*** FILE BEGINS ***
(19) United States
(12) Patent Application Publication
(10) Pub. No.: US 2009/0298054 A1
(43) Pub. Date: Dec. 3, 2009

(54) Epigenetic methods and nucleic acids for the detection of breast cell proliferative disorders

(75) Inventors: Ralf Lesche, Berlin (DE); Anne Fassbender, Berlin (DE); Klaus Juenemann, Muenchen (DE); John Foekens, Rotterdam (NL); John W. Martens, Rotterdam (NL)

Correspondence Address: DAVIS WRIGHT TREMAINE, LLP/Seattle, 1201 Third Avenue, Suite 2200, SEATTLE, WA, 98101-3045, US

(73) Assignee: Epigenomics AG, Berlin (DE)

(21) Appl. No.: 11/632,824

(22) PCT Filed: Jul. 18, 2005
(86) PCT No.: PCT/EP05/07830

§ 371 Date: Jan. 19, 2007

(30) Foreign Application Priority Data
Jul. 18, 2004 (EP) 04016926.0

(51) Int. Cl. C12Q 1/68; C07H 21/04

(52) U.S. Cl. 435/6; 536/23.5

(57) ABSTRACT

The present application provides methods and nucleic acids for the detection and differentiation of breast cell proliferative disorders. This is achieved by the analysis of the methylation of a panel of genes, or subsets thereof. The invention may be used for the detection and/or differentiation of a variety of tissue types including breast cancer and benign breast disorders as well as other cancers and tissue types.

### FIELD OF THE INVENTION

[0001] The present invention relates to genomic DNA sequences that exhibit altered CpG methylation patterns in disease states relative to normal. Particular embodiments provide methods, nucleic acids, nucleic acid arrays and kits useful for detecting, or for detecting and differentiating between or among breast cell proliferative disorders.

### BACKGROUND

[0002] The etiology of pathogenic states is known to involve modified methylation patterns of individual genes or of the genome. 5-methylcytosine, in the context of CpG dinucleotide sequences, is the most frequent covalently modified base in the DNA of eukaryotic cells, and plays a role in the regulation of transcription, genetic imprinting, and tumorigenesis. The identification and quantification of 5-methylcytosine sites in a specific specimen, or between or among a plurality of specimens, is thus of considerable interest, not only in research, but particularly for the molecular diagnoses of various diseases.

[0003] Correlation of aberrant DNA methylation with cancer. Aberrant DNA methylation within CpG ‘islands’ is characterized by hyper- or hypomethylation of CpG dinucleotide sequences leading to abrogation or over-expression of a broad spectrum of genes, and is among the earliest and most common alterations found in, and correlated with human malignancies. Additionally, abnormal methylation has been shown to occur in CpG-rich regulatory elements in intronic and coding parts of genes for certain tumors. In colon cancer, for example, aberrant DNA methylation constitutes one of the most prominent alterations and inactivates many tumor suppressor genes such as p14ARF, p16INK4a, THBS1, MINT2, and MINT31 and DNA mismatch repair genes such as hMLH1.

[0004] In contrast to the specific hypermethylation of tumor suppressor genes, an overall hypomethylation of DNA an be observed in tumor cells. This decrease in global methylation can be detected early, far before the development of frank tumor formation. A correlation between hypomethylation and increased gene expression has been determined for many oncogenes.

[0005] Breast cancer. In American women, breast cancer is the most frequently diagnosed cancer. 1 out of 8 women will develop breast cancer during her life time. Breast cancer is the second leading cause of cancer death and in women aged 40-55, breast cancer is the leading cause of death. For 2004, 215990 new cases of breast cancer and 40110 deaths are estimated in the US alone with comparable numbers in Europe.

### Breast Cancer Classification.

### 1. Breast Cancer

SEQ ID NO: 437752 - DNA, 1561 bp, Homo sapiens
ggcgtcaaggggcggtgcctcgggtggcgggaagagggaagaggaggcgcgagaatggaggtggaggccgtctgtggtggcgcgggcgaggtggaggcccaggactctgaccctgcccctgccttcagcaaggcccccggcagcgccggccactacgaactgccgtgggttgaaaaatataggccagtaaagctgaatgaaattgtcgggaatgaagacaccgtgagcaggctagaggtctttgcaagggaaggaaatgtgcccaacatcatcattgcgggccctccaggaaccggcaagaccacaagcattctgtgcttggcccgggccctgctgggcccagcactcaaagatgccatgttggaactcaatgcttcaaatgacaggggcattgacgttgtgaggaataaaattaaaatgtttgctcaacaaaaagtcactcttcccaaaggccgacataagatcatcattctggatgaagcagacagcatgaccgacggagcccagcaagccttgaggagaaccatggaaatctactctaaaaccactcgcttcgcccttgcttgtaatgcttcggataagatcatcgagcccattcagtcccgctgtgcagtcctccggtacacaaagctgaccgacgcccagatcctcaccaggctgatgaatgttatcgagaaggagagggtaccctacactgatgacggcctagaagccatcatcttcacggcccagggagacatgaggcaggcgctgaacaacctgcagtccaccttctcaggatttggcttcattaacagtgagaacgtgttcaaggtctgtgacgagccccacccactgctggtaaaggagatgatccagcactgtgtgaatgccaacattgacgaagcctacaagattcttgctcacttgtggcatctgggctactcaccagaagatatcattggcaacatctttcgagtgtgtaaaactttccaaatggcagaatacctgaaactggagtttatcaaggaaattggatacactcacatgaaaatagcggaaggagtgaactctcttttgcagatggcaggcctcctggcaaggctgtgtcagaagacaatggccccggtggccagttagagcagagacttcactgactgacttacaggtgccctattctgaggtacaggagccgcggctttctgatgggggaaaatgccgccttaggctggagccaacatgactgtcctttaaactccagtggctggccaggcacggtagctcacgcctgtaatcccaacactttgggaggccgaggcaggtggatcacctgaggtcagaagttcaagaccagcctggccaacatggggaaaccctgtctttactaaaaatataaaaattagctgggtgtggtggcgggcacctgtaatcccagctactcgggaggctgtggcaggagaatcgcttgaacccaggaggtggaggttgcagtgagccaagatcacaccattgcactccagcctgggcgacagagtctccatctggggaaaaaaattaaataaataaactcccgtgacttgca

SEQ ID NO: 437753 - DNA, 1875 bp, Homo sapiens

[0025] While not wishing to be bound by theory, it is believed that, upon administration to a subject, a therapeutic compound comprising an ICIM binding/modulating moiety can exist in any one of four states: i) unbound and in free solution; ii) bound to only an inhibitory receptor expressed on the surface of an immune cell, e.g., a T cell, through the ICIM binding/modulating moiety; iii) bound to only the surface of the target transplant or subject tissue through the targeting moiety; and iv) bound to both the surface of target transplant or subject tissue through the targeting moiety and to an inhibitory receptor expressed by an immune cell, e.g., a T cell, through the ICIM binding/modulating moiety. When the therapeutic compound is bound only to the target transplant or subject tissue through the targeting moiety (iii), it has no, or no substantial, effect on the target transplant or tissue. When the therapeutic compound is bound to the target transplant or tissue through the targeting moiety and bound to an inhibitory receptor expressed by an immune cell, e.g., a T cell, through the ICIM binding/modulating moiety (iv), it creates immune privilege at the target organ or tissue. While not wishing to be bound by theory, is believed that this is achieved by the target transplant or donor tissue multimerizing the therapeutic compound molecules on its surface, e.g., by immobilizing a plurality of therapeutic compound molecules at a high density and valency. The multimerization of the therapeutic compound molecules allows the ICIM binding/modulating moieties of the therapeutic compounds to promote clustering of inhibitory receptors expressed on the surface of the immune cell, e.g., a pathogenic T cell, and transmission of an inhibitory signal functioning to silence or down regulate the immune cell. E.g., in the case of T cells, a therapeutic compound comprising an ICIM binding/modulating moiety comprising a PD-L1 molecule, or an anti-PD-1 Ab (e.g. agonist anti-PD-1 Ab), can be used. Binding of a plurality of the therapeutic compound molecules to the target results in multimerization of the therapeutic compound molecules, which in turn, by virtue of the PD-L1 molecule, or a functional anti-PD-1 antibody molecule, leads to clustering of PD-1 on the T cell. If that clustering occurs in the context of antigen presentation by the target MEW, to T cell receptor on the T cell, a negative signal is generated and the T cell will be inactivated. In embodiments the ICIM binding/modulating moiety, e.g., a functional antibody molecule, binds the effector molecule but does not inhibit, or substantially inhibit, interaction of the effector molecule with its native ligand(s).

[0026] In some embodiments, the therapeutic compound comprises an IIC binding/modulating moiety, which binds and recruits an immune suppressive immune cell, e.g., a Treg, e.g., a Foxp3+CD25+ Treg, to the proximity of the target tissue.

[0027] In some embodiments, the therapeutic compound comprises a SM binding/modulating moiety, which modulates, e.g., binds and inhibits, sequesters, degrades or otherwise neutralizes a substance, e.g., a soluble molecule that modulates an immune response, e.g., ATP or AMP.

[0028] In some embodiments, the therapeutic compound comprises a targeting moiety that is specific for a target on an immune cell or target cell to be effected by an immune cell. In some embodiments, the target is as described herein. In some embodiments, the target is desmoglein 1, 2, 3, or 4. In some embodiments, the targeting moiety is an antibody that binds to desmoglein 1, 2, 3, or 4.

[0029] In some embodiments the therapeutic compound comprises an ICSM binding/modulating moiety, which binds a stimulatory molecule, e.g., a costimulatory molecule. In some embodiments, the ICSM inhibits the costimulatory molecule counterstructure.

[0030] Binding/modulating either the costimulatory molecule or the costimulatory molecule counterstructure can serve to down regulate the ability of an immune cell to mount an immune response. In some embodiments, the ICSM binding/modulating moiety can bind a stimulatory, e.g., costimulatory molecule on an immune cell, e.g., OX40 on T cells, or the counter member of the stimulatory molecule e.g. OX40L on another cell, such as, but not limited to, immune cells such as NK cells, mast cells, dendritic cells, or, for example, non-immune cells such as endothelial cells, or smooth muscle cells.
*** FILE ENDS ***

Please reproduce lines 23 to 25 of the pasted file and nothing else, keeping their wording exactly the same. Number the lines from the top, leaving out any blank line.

[0003] Correlation of aberrant DNA methylation with cancer. Aberrant DNA methylation within CpG ‘islands’ is characterized by hyper- or hypomethylation of CpG dinucleotide sequences leading to abrogation or over-expression of a broad spectrum of genes, and is among the earliest and most common alterations found in, and correlated with human malignancies. Additionally, abnormal methylation has been shown to occur in CpG-rich regulatory elements in intronic and coding parts of genes for certain tumors. In colon cancer, for example, aberrant DNA methylation constitutes one of the most prominent alterations and inactivates many tumor suppressor genes such as p14ARF, p16INK4a, THBS1, MINT2, and MINT31 and DNA mismatch repair genes such as hMLH1.

[0004] In contrast to the specific hypermethylation of tumor suppressor genes, an overall hypomethylation of DNA an be observed in tumor cells. This decrease in global methylation can be detected early, far before the development of frank tumor formation. A correlation between hypomethylation and increased gene expression has been determined for many oncogenes.

[0005] Breast cancer. In American women, breast cancer is the most frequently diagnosed cancer. 1 out of 8 women will develop breast cancer during her life time. Breast cancer is the second leading cause of cancer death and in women aged 40-55, breast cancer is the leading cause of death. For 2004, 215990 new cases of breast cancer and 40110 deaths are estimated in the US alone with comparable numbers in Europe.